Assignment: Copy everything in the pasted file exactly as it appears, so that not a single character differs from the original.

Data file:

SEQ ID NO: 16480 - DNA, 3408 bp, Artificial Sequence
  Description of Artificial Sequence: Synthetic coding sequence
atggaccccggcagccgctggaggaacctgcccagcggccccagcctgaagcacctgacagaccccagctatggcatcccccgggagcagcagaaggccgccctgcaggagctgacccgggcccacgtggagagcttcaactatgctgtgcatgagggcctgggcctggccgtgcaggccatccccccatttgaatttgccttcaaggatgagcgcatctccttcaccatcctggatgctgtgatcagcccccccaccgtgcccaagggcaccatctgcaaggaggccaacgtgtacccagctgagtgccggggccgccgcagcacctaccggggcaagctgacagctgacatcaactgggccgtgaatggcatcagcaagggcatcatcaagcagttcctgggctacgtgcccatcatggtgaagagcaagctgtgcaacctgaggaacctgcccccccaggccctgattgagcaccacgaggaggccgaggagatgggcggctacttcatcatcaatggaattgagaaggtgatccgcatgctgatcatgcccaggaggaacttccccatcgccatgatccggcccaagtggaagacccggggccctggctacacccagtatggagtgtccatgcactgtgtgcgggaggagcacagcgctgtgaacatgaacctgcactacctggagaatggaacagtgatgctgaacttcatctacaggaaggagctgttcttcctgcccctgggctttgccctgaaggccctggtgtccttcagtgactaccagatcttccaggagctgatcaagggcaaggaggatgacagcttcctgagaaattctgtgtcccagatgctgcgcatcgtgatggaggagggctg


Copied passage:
SEQ ID NO: 16480 - DNA, 3408 bp, Artificial Sequence
  Description of Artificial Sequence: Synthetic coding sequence
atggaccccggcagccgctggaggaacctgcccagcggccccagcctgaagcacctgacagaccccagctatggcatcccccgggagcagcagaaggccgccctgcaggagctgacccgggcccacgtggagagcttcaactatgctgtgcatgagggcctgggcctggccgtgcaggccatccccccatttgaatttgccttcaaggatgagcgcatctccttcaccatcctggatgctgtgatcagcccccccaccgtgcccaagggcaccatctgcaaggaggccaacgtgtacccagctgagtgccggggccgccgcagcacctaccggggcaagctgacagctgacatcaactgggccgtgaatggcatcagcaagggcatcatcaagcagttcctgggctacgtgcccatcatggtgaagagcaagctgtgcaacctgaggaacctgcccccccaggccctgattgagcaccacgaggaggccgaggagatgggcggctacttcatcatcaatggaattgagaaggtgatccgcatgctgatcatgcccaggaggaacttccccatcgccatgatccggcccaagtggaagacccggggccctggctacacccagtatggagtgtccatgcactgtgtgcgggaggagcacagcgctgtgaacatgaacctgcactacctggagaatggaacagtgatgctgaacttcatctacaggaaggagctgttcttcctgcccctgggctttgccctgaaggccctggtgtccttcagtgactaccagatcttccaggagctgatcaagggcaaggaggatgacagcttcctgagaaattctgtgtcccagatgctgcgcatcgtgatggaggagggctg